BREAKS, Va. (WYMT) — As summer rolls around, more campers are arriving at state and national parks to pitch a tent, but officials are reminding people to bear-proof their campground and stay safe around local wildlife feel.
“We’re definitely seeing an increase in bear-related incidents,” said Austin Bradley, Superintendent of Breaks Interstate Park, “where coolers are stolen and bears get into people’s vehicles with food left unsecured.”
Many parks have installed bear-proof trash cans, but sometimes that’s not enough to deter bears from migrating to campgrounds.
“One of the most important things humans can do to avoid any kind of bear-human conflict is to reduce the presence of food and also reduce strong odors in their homes and on their campsites,” Bradley said.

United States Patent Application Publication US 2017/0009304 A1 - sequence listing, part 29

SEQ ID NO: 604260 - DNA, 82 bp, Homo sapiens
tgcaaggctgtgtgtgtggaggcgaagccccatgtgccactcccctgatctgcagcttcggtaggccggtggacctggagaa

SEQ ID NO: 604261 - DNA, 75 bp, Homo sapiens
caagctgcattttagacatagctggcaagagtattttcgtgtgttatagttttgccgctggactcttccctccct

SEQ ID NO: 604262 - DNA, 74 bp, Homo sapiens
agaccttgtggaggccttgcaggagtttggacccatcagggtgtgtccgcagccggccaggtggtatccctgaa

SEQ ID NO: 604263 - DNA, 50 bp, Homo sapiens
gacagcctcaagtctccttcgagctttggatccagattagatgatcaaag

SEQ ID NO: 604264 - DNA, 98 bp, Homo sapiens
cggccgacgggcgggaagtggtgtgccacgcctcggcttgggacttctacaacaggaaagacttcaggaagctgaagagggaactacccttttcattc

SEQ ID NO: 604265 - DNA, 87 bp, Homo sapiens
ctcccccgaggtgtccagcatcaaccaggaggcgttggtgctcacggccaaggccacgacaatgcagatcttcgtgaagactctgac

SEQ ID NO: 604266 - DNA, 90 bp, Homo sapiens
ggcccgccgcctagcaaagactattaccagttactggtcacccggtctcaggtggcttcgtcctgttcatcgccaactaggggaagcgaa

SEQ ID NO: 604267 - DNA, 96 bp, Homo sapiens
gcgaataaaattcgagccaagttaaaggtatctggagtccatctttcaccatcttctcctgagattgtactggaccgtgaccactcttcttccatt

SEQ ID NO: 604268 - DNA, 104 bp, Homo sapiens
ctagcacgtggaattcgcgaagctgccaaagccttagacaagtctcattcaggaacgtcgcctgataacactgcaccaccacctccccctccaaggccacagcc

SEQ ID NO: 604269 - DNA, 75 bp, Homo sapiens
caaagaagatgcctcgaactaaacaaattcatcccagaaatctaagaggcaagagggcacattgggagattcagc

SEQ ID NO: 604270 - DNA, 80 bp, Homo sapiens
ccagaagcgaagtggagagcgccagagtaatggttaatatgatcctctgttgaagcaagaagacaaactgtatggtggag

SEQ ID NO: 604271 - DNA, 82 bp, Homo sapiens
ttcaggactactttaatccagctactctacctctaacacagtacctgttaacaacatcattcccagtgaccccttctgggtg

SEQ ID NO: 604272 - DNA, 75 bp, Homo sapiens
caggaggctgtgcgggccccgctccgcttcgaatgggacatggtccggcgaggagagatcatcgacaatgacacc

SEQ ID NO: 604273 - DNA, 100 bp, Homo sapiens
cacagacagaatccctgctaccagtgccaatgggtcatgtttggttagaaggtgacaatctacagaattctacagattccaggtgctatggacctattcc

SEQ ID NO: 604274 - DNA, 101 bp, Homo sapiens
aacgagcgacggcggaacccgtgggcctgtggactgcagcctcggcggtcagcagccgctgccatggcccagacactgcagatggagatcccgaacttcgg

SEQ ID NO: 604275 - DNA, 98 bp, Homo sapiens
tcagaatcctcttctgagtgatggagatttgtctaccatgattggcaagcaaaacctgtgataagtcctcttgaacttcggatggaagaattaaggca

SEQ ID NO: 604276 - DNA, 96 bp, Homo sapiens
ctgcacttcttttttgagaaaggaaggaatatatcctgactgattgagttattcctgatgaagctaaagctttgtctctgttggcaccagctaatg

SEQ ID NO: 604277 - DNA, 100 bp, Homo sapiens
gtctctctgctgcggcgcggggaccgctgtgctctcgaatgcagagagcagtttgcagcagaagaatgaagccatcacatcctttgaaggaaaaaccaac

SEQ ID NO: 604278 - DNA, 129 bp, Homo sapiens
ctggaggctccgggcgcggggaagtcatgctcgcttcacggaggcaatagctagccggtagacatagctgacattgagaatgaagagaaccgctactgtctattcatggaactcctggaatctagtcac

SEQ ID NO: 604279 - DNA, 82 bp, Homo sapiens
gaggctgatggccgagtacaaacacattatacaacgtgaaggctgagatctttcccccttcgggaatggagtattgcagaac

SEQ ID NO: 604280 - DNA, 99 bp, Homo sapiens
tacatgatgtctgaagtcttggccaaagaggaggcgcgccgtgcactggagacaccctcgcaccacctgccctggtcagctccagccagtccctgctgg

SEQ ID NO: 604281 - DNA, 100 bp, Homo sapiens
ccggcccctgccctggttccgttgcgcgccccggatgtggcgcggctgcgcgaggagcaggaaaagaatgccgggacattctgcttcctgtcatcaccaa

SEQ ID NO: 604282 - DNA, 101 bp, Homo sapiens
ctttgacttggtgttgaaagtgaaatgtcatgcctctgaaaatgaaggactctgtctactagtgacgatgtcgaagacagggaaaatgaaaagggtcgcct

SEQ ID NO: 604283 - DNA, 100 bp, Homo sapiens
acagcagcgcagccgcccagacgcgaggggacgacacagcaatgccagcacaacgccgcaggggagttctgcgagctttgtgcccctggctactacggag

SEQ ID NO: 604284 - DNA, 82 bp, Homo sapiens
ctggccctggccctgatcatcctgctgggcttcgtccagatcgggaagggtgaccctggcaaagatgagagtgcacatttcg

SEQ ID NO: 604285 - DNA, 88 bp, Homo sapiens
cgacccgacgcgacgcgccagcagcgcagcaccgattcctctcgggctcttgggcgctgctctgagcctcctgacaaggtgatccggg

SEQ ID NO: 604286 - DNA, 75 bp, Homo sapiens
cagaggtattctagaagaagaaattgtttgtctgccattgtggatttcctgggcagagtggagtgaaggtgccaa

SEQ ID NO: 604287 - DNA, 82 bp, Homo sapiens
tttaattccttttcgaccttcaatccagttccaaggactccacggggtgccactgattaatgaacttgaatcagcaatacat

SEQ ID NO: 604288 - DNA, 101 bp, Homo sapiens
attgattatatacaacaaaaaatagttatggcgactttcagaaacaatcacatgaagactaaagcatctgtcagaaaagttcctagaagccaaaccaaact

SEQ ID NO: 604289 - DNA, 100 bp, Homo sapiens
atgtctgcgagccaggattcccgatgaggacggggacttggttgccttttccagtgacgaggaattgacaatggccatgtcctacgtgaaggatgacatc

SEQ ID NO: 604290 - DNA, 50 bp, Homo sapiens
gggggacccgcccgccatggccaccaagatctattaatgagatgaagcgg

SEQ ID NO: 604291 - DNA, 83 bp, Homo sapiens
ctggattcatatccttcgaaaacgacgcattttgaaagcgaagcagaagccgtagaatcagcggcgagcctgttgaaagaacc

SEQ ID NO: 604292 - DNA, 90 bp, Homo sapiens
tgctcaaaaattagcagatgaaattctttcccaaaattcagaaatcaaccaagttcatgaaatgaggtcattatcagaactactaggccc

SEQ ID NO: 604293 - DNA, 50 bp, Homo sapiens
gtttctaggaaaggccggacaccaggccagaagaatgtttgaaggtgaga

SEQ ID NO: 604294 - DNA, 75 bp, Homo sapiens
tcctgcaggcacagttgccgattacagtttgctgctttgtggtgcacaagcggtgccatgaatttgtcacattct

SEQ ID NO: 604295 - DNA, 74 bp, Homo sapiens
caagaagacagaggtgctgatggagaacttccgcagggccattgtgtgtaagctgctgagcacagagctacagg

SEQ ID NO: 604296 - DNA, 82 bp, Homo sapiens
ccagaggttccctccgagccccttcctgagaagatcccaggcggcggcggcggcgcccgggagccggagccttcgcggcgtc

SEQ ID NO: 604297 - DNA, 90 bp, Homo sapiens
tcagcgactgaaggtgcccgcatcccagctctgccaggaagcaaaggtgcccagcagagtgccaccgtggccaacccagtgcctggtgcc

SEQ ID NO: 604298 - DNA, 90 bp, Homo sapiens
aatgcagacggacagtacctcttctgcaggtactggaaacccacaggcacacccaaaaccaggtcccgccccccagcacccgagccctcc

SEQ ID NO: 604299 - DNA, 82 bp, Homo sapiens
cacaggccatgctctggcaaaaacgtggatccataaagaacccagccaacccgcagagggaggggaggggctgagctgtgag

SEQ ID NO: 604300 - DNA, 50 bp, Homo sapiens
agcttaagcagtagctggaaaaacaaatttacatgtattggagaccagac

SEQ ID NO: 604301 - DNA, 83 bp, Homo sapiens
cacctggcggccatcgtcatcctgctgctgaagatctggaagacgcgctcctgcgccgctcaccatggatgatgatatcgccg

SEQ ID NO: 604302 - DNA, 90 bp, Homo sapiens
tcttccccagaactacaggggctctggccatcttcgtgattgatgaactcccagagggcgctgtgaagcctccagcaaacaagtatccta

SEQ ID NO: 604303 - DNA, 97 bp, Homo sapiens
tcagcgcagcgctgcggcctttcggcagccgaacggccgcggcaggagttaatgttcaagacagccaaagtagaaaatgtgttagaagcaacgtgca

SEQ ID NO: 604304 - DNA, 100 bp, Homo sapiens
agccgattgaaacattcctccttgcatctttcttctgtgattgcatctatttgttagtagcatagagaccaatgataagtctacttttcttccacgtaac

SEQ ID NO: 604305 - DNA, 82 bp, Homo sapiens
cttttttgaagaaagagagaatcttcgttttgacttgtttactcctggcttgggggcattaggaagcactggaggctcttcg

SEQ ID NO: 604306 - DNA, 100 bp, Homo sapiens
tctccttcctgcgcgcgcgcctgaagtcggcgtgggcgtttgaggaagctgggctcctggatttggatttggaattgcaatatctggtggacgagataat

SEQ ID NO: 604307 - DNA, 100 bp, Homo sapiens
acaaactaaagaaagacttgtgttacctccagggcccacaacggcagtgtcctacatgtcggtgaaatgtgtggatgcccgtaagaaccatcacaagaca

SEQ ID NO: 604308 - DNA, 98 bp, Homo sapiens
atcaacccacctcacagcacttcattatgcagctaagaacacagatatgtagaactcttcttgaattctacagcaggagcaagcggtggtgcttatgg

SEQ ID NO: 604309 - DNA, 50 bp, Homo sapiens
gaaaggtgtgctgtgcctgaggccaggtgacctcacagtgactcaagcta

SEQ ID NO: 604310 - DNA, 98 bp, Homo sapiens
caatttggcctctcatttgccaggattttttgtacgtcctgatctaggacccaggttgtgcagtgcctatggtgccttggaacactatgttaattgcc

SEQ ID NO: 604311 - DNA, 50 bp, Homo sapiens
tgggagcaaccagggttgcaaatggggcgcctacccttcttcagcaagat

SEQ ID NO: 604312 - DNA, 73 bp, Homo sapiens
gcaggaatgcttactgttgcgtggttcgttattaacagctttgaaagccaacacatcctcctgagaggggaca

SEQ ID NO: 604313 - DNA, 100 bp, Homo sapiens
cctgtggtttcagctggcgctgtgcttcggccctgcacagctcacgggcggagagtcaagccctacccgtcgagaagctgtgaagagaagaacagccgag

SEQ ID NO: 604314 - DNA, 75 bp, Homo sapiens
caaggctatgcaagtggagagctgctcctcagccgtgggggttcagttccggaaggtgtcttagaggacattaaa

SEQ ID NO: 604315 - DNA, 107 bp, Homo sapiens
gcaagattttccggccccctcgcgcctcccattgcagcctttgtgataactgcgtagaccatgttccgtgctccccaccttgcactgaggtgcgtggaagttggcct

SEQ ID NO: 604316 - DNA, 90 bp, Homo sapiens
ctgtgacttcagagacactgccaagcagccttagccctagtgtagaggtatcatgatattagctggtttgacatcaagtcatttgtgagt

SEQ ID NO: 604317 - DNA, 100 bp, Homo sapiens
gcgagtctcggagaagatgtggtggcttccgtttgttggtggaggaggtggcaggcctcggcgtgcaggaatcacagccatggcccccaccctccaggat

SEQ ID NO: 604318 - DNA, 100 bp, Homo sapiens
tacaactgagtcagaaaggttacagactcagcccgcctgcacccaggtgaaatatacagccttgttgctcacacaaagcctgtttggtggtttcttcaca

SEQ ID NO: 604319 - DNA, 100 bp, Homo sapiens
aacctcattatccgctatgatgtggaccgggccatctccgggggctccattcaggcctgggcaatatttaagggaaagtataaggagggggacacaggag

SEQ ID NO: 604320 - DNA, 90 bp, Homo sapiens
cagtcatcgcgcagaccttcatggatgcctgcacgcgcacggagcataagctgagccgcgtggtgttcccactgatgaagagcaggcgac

Bradley added that cooking smells and even pet food can attract bears to an area, but all native wildlife should not be fed to avoid becoming dependent on the extra food.
“The animals lose the ability to feed on their natural food sources out in the forest and become dependent on humans,” Bradley said.
Bradley added that while some animals do approach and appear friendly, they have become accustomed to being around humans, remember they are still wild animals, feeding the animals is illegal and think to appreciate nature from a safe distance.
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